For when a year begins, see New Year's.
Various intervals of time all roughly based on the time it takes the Earth to make one journey around the sun. They can be conveniently divided into four types: astronomical years, calendar years, metaphorical years and economic years. See also annus, a type of year used in geochronology, for expressing half lives of radioactive elements and geological time.
The lengths in days (= 86,400 seconds as defined in SI) for the year 1990 of the various years are:
|Type of year||days
= 86,400 SI seconds
The average interval between instants when the sun passes through the vernal equinox, which is an instant when it appears to be both in the plane of the Earth's orbit and in the plane of the Earth's equator. In the terminology of astronomers, the time required for the longitude of the sun to increase 360 degrees. = 365.24220 mean solar days. Symbol, atrop.
The tropical year is the interval between one spring (or autumn) equinox and the next. It is the interval at which seasons repeat and is the basis of all solar calendars. The name comes from the Tropics of Cancer and Capricorn. The tropical year is not the length of the year in the tropics; it has nothing to do with Somerset Maugham, sunny beaches or banana plantations.
The average period of revolution of Earth with respect to a fixed direction in space. See sidereal time. Symbol, asid.
The orbit of the Earth is not a circle, but an ellipse with the Sun at one focus. Consequently, during half of its orbit Earth keeps getting closer to the sun, and in the other half it is moving away. The anomalistic year is the interval between the instant when Earth's orbit brings it closest to the sun (perihelion) and the next such instant. Symbol, aanom.
The period of time in which the right ascension of the mean sun increases by 360 degrees. Symbol, aastr. Also known as the annus fictus, or Bessel's year.
lunar node to lunar node
A period of time consisting of an arbitrary number of whole days. In some calendars it also consists of a whole number of lunations, though the latter number must be obtained by rounding off. In most calendars today the year is 365 days, with a 366-day year roughly every four years. See calendar. However, years as short as 260 days have been used, and in some calendars some years are longer than 366 days. Perhaps the longest calendar year ever was the one Julius Caesar decreed for 46 bc: 445 days, to bring the equinoxes back to their traditional dates in the Roman calendar.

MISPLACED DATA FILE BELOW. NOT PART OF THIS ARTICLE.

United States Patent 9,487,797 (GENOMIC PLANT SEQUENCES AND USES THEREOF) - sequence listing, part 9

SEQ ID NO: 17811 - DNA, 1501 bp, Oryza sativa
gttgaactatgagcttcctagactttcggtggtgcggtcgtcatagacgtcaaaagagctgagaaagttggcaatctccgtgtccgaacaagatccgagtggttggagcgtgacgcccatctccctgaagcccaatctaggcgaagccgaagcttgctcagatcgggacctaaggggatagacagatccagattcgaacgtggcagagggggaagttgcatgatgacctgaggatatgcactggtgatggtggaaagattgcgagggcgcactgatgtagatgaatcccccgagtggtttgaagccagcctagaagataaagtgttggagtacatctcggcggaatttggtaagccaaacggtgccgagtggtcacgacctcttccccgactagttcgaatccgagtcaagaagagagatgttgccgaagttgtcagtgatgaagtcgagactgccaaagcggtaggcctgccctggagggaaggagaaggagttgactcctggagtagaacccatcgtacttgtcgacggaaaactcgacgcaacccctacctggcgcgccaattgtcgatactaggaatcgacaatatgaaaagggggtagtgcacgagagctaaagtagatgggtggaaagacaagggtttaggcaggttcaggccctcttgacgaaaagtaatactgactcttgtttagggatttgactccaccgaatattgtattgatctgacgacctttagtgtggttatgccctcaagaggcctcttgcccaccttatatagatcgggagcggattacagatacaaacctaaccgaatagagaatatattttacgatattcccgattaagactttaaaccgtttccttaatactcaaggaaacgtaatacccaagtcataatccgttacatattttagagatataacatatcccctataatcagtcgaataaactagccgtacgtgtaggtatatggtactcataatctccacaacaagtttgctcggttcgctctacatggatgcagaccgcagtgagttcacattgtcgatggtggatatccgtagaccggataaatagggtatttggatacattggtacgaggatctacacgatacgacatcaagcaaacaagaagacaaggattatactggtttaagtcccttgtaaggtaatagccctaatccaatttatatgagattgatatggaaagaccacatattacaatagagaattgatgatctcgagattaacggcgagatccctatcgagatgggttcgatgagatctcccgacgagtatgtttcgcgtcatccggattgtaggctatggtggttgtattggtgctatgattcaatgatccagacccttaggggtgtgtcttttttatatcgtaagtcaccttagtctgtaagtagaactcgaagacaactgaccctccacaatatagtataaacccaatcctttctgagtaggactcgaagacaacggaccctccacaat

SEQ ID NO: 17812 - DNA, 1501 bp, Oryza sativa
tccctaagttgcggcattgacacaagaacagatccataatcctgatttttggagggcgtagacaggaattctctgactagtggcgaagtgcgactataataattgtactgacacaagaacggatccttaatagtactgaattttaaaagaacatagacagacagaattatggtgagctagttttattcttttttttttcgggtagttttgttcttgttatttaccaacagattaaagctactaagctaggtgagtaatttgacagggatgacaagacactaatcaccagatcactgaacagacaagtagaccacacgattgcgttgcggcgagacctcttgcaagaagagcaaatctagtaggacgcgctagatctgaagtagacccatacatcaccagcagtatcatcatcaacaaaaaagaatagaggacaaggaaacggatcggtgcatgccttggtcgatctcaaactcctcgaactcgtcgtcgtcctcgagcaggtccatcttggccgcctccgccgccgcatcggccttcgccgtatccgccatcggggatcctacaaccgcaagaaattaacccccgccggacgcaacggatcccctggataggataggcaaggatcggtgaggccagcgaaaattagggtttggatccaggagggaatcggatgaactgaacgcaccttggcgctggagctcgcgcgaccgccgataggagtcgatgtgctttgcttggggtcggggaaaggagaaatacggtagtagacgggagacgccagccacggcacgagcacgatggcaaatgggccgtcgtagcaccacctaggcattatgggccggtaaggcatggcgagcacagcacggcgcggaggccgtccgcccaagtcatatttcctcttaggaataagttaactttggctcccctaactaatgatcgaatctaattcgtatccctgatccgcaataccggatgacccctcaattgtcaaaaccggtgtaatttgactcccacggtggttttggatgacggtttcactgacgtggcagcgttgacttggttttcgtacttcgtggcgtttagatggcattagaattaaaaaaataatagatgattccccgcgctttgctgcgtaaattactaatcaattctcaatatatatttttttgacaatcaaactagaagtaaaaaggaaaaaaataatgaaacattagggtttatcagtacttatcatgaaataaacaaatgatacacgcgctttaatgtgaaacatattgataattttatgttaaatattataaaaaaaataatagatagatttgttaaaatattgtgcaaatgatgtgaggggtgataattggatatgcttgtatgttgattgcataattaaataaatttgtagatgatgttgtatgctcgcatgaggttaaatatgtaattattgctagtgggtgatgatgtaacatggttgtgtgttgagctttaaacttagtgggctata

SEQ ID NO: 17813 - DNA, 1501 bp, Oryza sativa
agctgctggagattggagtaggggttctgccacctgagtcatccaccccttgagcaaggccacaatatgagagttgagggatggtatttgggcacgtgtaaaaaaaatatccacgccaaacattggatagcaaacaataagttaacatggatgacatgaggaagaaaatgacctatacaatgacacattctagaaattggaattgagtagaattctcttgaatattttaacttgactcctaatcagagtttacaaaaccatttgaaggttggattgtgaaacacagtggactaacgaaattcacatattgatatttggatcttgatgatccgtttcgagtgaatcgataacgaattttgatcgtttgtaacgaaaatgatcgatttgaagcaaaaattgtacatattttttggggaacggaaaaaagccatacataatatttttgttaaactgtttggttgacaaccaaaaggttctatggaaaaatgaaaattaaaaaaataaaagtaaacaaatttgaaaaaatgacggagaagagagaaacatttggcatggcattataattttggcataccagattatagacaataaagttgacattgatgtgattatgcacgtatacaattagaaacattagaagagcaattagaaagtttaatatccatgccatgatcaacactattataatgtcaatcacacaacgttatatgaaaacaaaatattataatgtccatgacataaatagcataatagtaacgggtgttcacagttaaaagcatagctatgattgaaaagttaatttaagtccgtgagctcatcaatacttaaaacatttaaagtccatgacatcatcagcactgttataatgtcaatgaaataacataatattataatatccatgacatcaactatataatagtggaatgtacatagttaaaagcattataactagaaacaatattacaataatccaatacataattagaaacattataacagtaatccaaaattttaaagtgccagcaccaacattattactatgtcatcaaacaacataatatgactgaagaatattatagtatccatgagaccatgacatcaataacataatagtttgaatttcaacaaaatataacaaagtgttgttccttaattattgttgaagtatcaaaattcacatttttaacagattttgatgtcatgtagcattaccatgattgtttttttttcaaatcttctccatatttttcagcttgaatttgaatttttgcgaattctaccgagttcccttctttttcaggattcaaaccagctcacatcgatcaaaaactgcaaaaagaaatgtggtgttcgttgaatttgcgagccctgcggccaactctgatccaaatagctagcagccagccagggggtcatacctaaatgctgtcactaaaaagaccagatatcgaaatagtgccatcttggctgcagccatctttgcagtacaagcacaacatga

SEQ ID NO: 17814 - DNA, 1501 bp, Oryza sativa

|Name of Year||Days||Lunations||Average Value|
|Julian year||365 or 366||NA||365.25||365||6||0||0|
|Gregorian year||365 or 366||NA||365.2425||365||5|
|Islamic||354 or 355||12||354.36707|
|Hebrew|| 353, 354, 355,
383, 384 or 385
|12 or 13|
For the various calendar years, see particular calendars in the index.
An interval of time at the end of which all of Nature reverts to the state in which it was at the interval's beginning; often specifically, the planets complete their orbits together (Plato, Timaeus 39). The Greeks called it the αποκαταστασις (apokatastasis).
This idea of the Eternal Return is found in many cultures, even among modern scientists. Henri Poincaré showed that in an unlimited amount of time a limited system, in the absence of gravity, will return to its initial state.¹
1. H. Poincaré.
Comptes Rendus de l'Académie des Sciences (Paris) vol. 108, page 550 (1889).
The Myth of the Eternal Return.
Willard R. Trask, translator.
New York: Pantheon Books, [c1954]
The calendar year is not convenient for many economic activities; the year's end falls in the middle of the biggest retail sales season, for example. U.S. tax law generally permits taxpayers to set their own fiscal year.
A year that runs from harvest to harvest. It varies by agricultural commodity; for soybeans, for example, the crop year begins on 1 September and ends on 31 August. The term is used in futures trading.
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Last revised: April 2004.